Finally, the counselor discusses strategies people might use to protect their mental health, like sleep, nutrition, exercise and social support networks. They also offer guidance for how to communicate risk for other family members, like existing or potential children. “We use the understanding of what causes mental illness as a framework to have conversations with patients about how they might be able to better [prepare] for the future,” says Austin.
“We’re not here to replace the role of a psychiatrist,” she adds. “Instead we’re…helping people deal with any guilt, shame, or stigma around why they might have a mental illness.”
Some medical professionals have hesitations over the value of psychiatric genetic counseling, for a few reasons. Predicting a person’s risk for mental illness is a difficult process: according to a 2006 paper in Harvard Review of Psychiatry, symptoms of mental illness can sometimes be less tangible than symptoms of a chronic physical illness. “Psychiatric symptoms are subjective, the symptoms of psychiatric disorders overlap, and the line between mental illness and normality can be blurry,” the authors write. “Because of these ambiguities, it’s often doubtful who is at risk and how great the risk is.”
Even though the field has grown since then, Dr. Christine T. Finn, one of the authors on the 2006 paper, says she still believes that there are certain challenges for psychiatric genetic counseling. “I think one issue is that we haven’t identified a specific gene or genes that can be conclusively linked to mental illness,” she says. “There’s also the fact that patients may say they have a family history of a disorder but they have no medical records to validate those diagnoses.”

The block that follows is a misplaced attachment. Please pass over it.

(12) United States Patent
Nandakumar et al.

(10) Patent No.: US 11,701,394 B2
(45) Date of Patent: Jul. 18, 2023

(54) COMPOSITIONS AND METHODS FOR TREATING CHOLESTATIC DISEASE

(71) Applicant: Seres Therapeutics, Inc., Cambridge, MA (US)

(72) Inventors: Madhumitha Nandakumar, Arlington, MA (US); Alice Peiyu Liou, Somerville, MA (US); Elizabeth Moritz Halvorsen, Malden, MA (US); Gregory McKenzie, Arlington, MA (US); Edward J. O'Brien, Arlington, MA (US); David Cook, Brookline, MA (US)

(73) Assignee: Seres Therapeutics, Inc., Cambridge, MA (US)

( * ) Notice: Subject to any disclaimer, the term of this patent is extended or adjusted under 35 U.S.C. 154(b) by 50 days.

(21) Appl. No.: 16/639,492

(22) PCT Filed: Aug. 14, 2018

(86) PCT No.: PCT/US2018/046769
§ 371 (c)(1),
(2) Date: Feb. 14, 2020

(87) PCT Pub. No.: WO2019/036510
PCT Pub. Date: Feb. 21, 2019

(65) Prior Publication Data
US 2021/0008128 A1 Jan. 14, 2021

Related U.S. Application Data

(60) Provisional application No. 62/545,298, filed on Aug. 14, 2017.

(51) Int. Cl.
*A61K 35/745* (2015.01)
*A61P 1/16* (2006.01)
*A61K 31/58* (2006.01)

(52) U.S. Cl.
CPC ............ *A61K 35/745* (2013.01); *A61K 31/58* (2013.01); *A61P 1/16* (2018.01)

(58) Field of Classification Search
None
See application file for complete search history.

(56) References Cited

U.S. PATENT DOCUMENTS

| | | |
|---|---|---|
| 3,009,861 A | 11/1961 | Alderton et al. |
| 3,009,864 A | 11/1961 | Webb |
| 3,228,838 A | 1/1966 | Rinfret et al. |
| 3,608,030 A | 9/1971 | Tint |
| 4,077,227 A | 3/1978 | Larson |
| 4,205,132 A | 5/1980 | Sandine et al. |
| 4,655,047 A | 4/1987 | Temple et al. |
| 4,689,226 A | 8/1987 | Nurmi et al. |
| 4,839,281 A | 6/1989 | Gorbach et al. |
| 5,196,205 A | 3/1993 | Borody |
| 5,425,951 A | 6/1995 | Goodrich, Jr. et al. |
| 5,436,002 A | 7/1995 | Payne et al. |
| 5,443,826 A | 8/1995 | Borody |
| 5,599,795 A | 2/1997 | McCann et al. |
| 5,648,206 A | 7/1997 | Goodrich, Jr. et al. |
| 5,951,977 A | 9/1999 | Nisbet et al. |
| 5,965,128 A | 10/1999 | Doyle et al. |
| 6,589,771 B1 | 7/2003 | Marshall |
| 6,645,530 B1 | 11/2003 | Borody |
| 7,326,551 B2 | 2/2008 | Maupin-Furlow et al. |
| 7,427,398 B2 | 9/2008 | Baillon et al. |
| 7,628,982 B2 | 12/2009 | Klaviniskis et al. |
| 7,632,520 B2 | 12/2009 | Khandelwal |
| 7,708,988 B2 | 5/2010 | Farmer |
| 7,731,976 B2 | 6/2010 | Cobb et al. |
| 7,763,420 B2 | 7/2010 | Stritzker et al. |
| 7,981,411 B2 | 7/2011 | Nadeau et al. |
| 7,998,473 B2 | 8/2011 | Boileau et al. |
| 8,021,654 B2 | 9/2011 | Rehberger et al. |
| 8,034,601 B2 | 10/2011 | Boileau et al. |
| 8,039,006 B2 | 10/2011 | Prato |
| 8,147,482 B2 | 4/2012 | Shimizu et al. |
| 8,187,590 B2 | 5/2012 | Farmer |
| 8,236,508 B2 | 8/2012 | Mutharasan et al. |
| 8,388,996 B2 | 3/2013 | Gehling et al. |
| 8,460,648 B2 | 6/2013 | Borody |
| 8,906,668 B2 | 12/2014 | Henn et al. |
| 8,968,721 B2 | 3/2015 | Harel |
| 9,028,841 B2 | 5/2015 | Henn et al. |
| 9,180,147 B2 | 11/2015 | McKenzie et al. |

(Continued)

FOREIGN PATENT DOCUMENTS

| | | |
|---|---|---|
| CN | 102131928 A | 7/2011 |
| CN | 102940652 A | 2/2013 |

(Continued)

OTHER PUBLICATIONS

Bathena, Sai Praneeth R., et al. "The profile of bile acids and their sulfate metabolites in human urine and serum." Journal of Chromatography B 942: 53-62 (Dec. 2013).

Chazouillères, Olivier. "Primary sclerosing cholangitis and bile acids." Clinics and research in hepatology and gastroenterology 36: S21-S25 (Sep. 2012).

Studies on psychiatric genetic counseling are also mostly small, though positive. In a 2018 study published in the Journal of Genetic Counseling, researchers interviewed 10 people with a diagnosed mental illness who had undergone psychiatric genetic counseling. The men and women all described their experience as supportive and informational. Specifically, people said they felt like they gained a new perspective of the cause and management of their mental illness, and felt reduced feelings of shame, blame, and guilt. Another study from 2014 published in the journal Clinical Genetics analyzed the impact of psychiatric genetic counseling among 68 people who visited the ADAPT Clinic in its inaugural year of operation. Receiving genetic counseling was associated with increased levels of feeling “empowered” one month after the counseling session.
Since launching the clinic, Austin has trained providers across the world on how to provide psychiatric genetic counseling. Another private clinic providing psychiatric genetic counseling recently launched in San Francisco, and several clinics are aimed to launch in the United Kingdom.
Maxwell says that after meeting Austin following her one-woman show, she was intrigued by the idea of genetic counseling and decided to sign up for ADAPT. “I knew I wasn’t to blame for my mental illness, but I still felt like I could use some more information to really make sense of it,” she says.
Reviewing her family tree helped Austin realize just how many of her family members dealt with similar mental health conditions. “Before the counseling, I felt alone because I’m an only child and so I thought this was something that just impacted my mom and myself.”
The counseling sessions have also helped her cope with her own disease. “When I am struggling, I now think, ‘this is okay because this is something that has been part of my heritage for awhile,’” she says. “It’s not necessarily something that I want to continue or perpetuate, but the counseling gave meaning to my illness and gave it a sense of place.”